I also wanted to mention that, yes, there are potentially more young boys like him coming down the pike. BUT, as a man who has always been of the ‘good samaritan’ breed ever since I was a little kid, girls are also prone to start thinking in the wrong manner when a man is being genuinely and naturally chivalrous or kind without expecting sex, or whatever. It could come off as bragging….. but I’ve had more than my fair share of girls who would not leave me alone after showing kindness, or merely befriending them. And trust me, they’re not only hard to get rid of, they make it hard for others to even come around you. But we know how women can be, don’t we?? : )

  23. donalgraeme

    @SSM

    Our society is very messed up, isn’t it?

    That is a very mild way of putting it. Insane doesn’t even begin to describe the nature of the policies and attitudes we have developed over the last century.

    Think about human history…how much did unrelated adolescent males and females spend large amounts of time together in single-age groups?

    Actually, it was quite common for much of human history. At least, common in many pagan cultures which engaged in all sorts of sordid practices. The same kind of cultures which, fascinatingly enough, found themselves under the ban.

    It’s not natural nor is it healthy in my opinion.

    No it isn’t. Until they get married, young people of different sexes who aren’t related shouldn’t be consorting or associating with one another. At least, outside of courtship or certain heavily chaperoned community events.

    Girls and boys need to be educated differently, especially after adolescence. Boys need to be doing things physically in a way that girls don’t.

    We used to know this, and used to educate the sexes differently. Somewhere along the way we deliberately forgot this. I wish I remember which Pope in the past century argued against co-education, he did a good job of it imo (at least, from what I remember of the Encyclical).

    Boys are naturally sexually attracted to a large percentage of the girls around them.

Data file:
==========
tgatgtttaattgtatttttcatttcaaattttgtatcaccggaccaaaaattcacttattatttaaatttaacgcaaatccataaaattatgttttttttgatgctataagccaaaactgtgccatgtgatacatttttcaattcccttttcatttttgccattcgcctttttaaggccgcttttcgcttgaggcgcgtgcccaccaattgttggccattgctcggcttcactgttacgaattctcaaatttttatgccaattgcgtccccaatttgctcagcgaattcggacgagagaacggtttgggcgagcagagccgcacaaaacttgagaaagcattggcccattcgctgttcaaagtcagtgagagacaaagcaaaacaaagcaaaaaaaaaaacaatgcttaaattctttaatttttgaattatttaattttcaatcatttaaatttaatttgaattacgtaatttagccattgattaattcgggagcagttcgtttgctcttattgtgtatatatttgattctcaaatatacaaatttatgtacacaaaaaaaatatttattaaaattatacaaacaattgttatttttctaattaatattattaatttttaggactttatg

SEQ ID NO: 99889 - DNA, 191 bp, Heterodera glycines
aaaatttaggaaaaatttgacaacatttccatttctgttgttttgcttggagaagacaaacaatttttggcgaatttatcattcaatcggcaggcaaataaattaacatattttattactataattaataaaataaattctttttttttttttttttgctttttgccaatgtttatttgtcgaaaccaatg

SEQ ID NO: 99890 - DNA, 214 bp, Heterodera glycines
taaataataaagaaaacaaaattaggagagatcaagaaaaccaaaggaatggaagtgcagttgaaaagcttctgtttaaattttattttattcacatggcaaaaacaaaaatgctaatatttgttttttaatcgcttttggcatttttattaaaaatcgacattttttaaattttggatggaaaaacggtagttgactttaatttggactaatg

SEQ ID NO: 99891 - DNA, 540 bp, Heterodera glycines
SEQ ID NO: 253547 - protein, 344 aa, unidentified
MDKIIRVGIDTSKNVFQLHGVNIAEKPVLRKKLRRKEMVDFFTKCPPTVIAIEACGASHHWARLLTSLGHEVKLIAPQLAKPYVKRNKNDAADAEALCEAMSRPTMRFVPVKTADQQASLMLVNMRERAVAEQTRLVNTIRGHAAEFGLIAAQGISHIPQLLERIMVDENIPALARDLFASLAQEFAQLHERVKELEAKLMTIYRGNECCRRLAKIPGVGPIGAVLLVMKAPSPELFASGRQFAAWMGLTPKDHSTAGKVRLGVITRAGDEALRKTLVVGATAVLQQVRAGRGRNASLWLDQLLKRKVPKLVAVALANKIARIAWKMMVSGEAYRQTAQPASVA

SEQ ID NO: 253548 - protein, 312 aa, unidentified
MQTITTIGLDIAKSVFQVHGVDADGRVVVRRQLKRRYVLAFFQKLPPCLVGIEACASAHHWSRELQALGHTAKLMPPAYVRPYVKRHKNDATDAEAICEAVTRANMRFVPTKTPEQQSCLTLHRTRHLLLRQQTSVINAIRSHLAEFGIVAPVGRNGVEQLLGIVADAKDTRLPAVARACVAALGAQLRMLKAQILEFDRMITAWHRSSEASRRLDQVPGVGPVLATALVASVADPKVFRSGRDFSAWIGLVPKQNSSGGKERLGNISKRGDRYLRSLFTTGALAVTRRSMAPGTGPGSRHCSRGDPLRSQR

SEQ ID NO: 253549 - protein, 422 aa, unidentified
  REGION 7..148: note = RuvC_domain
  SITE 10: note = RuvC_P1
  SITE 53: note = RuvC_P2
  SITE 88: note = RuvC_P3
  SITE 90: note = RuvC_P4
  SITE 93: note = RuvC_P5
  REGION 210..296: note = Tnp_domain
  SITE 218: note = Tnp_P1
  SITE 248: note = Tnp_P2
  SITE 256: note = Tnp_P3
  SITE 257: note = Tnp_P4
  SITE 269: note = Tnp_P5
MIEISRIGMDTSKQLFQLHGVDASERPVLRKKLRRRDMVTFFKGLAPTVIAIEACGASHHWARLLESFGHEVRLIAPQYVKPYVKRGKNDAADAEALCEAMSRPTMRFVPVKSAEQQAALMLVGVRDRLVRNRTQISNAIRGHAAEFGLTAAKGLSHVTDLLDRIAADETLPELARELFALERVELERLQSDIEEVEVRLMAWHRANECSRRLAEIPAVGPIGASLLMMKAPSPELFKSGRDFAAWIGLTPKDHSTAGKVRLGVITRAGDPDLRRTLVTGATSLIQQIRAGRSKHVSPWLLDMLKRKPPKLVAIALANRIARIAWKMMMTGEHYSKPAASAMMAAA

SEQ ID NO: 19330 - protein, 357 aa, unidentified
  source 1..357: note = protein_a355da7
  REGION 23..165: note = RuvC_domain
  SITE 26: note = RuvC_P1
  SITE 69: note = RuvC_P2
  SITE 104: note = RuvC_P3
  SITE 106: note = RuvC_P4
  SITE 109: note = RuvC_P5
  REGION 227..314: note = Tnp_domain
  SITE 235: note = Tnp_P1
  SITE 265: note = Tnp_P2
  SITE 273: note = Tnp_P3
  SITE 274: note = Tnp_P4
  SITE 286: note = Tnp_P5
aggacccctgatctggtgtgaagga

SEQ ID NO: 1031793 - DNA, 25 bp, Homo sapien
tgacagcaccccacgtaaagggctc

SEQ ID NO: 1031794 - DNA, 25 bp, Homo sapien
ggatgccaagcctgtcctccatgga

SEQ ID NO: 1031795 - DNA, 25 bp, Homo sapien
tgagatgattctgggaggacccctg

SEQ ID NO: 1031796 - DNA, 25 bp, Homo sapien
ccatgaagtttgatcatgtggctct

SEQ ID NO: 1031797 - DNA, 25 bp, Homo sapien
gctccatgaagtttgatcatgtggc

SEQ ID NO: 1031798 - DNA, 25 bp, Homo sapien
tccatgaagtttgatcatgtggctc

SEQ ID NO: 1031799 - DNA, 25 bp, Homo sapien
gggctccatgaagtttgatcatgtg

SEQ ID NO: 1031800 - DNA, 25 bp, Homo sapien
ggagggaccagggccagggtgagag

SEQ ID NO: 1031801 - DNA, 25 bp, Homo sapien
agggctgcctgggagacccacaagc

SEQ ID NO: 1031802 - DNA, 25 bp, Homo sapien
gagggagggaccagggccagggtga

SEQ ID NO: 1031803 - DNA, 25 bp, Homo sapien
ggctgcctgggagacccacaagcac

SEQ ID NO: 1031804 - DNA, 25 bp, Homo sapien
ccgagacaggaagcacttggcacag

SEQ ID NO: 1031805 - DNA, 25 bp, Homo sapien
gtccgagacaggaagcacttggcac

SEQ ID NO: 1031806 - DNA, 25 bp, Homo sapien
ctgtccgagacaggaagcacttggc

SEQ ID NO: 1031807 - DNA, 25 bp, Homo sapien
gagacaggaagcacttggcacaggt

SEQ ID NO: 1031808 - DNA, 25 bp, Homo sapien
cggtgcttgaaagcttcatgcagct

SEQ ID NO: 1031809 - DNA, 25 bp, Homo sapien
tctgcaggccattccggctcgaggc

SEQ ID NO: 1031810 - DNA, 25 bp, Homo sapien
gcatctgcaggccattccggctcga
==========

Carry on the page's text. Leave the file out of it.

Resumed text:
Yes we are. Although assorting with enough young women, and especially ones that act immodestly, might affect how this works. I’ve been talking with someone about this subject, and may write a post on it later.

    Boys are not skilled in reading social cues that girls exhibit. They don’t know what it means when a girl does something that is meant to drive them away or draw them in. Because they find the girls so sexually-appealing, they are interpreting kindness as sexual receptiveness.

    I would add the word “naturally” before skilled in that first sentence. We can learn these things, but they don’t come naturally to us. We must either be taught or learn through bitter experience.

    Girls who are good-hearted and average-pretty (as opposed to super hot – boys don’t hit on those girls as much because they don’t think they even have a chance) want to be kind but then find themselves the recipient of a lot of unwanted advances. This actually trains them to deliver nuclear rejections because the boys don’t get their Not interested hints, and the girls are desperate to get away from these kinds of smothering advances.

    Eh, I’m not sure that nuclear rejections are really something that good-hearted girls engage in. From my understanding, they nuclear rejections are a bit different than what your daughter engaged in. They tend to be singular events of unwarranted intensity. Not a final warning after several prior ones.

    And yes, men like C. are the future. God help us all.

  24. Lee Lee Bug

    Why is it that a man is apt to take kindness from a woman as a sign of affection on her part? Is this an indicator or evidence that women are not, as a general rule, kind to men unless they expect to get something out of it?

    Yes. I think it’s that men are so used to women being rude/aloof/b*tchy that when a woman is kind toward them, or pays them the slightest amount of attention, they misinterpret it as sexual interest.

    This still happens to me and I’m an over-the-hill woman who always wears her wedding ring. For instance, you engage in a pleasant conversation with a man at the gym and he asks for your number because every other woman he’s come in contact with that day has blown him off. Men are hungry for women who will treat them kindly and it leads to all sorts of confusion.